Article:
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Social media in the workplace. Love it or loath it, no-one can deny the huge impact that technology has upon our day-to-day lives. It has created many opportunities for business too – freeing us from our desks and sharing information quickly and easily.
Social media crosses over our work and personal lives. It’s great for keeping in touch regardless of time and location on a personal and business level. Employers need to find the right balance between the advantages of social media and any potential problems that could occur from employee misuse.
This problem is surprisingly common. The Independent reported that UK Police forces had to deal with over 800 potential breaches of social media guidelines by officers and civilian staff.
So – as an employer with social media facilities what should you be doing to reduce the possible risks but still reap the benefits?
- What is – and what is not – acceptable use of social medias in the workplace
- Introducing a comprehensive policy which explains the employer’s position regarding social media
“Clear communication is essential,” says Matthew from Consensus HR. “Your company could introduce set times in the day that employee are allowed access social media, such as during break times. Some employers introduce systems that give an employee a set amount of time per day to access the internet, such as 20 minutes. After that access is restricted.”
He adds: “The product or service our client offers will influence what is acceptable and what is not. Ultimately, honesty and trust are needed.”
A clearly defined policy ensures that all members of the team know where they stand regarding the use of social media whilst in the workplace. A comprehensive policy must also state that the guidelines apply outside of work as social media tends to be accessible everywhere.
“Employees need to remember that items they post on social media could be read by anyone and could affect the reputation of the company. This could result in disciplinary action being taken against them,” explains Matthew.
Employers need to ensure that when dealing with this act of misconduct that the punishment fits the crime. Should it proceed to an Employment Tribunal (ET) evidence will re required. Evidence regarding the impact of the posting will be needed, such as:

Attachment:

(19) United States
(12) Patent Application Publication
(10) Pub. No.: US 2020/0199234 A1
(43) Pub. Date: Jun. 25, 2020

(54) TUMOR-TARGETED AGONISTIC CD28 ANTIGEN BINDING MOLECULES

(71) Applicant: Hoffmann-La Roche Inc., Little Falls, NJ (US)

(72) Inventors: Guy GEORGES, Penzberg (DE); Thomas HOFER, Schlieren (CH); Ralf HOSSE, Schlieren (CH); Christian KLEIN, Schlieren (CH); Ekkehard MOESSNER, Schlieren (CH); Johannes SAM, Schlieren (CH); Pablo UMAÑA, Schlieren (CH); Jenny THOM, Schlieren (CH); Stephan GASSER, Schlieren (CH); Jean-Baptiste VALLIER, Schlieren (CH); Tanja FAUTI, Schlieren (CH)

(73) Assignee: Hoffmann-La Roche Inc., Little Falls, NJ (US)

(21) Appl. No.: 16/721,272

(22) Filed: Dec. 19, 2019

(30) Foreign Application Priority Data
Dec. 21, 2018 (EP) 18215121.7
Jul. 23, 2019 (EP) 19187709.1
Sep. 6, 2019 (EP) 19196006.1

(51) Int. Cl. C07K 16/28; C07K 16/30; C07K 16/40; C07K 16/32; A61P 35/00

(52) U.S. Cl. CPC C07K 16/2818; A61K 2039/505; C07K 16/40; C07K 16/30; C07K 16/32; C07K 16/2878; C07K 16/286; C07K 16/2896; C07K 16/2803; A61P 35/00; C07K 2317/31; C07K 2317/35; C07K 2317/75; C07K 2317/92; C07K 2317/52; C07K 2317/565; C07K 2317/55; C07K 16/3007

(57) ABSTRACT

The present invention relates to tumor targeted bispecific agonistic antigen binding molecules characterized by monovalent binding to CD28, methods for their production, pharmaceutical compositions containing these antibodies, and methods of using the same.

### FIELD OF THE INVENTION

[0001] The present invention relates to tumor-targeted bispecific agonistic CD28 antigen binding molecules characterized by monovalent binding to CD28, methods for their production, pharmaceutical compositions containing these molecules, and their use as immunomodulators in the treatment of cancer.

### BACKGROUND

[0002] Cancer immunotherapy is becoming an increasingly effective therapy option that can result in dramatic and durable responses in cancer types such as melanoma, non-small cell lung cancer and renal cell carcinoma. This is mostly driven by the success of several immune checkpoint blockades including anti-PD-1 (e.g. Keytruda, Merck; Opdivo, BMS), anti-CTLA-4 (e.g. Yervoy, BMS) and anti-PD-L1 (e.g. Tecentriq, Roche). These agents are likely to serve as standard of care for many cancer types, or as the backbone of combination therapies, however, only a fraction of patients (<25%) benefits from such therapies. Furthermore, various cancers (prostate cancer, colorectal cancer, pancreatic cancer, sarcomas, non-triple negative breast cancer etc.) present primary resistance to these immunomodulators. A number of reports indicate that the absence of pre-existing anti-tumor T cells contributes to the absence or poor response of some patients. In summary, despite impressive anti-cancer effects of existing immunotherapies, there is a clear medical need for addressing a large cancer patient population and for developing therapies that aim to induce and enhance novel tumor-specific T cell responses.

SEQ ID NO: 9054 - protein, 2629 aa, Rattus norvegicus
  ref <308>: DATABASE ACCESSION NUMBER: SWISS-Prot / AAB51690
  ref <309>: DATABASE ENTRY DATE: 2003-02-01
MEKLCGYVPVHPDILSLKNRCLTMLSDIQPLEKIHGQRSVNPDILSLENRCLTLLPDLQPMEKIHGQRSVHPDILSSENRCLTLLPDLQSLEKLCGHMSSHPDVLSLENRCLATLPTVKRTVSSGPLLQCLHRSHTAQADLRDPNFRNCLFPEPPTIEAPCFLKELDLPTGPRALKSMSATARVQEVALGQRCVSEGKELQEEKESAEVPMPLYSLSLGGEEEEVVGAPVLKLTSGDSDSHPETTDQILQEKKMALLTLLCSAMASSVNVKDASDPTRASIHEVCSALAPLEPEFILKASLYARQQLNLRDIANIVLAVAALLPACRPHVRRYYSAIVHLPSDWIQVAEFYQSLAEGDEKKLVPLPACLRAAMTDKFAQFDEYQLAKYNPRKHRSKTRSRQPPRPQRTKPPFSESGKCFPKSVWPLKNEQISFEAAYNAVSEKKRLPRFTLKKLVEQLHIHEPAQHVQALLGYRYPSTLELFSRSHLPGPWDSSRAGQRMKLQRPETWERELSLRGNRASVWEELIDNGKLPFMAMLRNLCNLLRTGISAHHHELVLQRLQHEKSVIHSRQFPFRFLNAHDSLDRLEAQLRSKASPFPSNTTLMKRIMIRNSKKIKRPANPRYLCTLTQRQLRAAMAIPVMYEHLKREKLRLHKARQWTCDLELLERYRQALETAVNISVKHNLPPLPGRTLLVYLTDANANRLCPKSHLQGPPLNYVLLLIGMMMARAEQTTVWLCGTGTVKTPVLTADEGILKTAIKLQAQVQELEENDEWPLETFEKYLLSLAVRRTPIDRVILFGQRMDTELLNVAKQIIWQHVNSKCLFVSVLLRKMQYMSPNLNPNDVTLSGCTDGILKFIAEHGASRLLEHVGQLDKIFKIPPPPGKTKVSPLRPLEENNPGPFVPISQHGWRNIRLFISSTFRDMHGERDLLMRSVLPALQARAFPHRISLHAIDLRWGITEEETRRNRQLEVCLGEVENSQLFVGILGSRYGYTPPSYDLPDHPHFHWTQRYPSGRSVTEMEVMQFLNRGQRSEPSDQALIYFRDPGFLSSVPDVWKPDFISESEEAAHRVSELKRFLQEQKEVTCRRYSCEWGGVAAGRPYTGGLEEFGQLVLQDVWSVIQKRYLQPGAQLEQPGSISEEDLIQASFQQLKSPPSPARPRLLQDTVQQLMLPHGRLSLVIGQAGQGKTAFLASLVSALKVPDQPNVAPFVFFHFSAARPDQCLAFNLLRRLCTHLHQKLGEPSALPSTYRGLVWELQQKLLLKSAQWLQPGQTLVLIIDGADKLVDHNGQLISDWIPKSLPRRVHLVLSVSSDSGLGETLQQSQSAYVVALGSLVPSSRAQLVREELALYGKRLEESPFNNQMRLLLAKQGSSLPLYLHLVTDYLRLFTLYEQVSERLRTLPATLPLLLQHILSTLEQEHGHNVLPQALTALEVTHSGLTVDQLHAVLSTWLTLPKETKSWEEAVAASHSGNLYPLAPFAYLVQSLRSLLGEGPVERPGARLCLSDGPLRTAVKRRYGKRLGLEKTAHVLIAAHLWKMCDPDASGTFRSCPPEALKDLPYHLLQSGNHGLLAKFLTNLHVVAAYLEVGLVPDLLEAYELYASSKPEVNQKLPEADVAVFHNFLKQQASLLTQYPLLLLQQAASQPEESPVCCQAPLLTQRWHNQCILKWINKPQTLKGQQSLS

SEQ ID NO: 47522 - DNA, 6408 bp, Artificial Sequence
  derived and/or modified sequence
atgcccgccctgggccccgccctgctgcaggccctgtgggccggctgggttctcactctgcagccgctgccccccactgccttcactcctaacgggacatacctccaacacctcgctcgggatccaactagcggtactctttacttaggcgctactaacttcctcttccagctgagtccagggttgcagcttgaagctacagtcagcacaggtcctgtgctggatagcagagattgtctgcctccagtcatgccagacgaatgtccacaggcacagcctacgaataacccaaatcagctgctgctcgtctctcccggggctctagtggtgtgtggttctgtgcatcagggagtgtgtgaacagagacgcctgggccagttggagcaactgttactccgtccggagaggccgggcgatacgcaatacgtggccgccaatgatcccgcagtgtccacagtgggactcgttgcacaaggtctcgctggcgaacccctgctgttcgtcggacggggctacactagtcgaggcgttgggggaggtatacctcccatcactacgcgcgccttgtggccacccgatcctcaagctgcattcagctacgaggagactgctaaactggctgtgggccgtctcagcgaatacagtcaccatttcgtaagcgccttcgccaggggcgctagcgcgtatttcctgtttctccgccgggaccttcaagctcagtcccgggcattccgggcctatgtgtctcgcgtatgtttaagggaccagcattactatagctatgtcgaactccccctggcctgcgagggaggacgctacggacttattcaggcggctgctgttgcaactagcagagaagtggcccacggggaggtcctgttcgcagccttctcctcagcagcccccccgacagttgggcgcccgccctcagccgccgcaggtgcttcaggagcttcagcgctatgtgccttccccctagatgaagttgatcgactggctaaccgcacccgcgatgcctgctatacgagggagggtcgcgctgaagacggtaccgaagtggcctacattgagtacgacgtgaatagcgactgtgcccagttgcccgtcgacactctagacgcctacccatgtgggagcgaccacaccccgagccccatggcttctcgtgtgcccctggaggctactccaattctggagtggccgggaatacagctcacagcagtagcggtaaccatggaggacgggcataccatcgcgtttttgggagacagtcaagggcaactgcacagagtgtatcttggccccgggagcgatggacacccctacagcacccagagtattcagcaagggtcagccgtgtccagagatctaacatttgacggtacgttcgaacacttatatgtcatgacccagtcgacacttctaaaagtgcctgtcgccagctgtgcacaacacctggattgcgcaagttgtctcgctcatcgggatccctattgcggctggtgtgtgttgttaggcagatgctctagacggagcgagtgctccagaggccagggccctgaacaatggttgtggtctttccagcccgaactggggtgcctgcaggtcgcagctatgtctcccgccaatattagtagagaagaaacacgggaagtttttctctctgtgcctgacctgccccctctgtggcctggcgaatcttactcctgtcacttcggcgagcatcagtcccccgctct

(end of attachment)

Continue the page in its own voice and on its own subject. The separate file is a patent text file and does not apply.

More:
- The number of ‘views’ received
- How widely it was posted
- Whether any confidential information was enclosed
An ET would also need to understand how this act has affected the business overall.
Recent cases that have gone to an ET have shown that many Claimants try to rely on the Human Rights Act 1968. They refer to their right to privacy, such as when they are not working. However ETs have been reluctant to support employees due how many social media channels operate and number of people that can see their content.
Business owners need to be aware that they can be held accountable for any discriminatory acts that take place whilst individuals are in their employment. This can also include out of work activities as employers can be vicariously liable.
As with all policies and procedure introduced to a business, the company should ensure that access to the relevant documents is easily available. This could be in a folder, or an employee handbook given as part of the induction process.
Consensus HR has attended many ETs on behalf of clients. One of the first questions asked is whether the employee has seen the document, read it and had the opportunity to ask questions. Otherwise, were they simply given it on their first day and asked to sign it as with all the other documents needed?
“Managers should sit down with each member of their team and they should read the policy together,” says Matthew. “This confirms all employees’ understanding of the company’s social media – and wider internet – policy. Everyone knows what it actually means in the workplace, how it affects them personally and what the repercussions could be for failure to adhere to it.”
Employers need to ensure that they are also covered should the employee leave the business:
- What has been written in their Contract?
- How do they ensure they have the passwords etc. required?
- Who owns the clients listed in the programme?
- Are there any restrictive covenants in place?
As an increasing number of cases regarding social media usage reaches Employment Tribunals in the UK, employers need to act now.
For an informal chat about your company’s social media policy contact Matthew from Consensus HR via firstname.lastname@example.org or call 01462 621 423.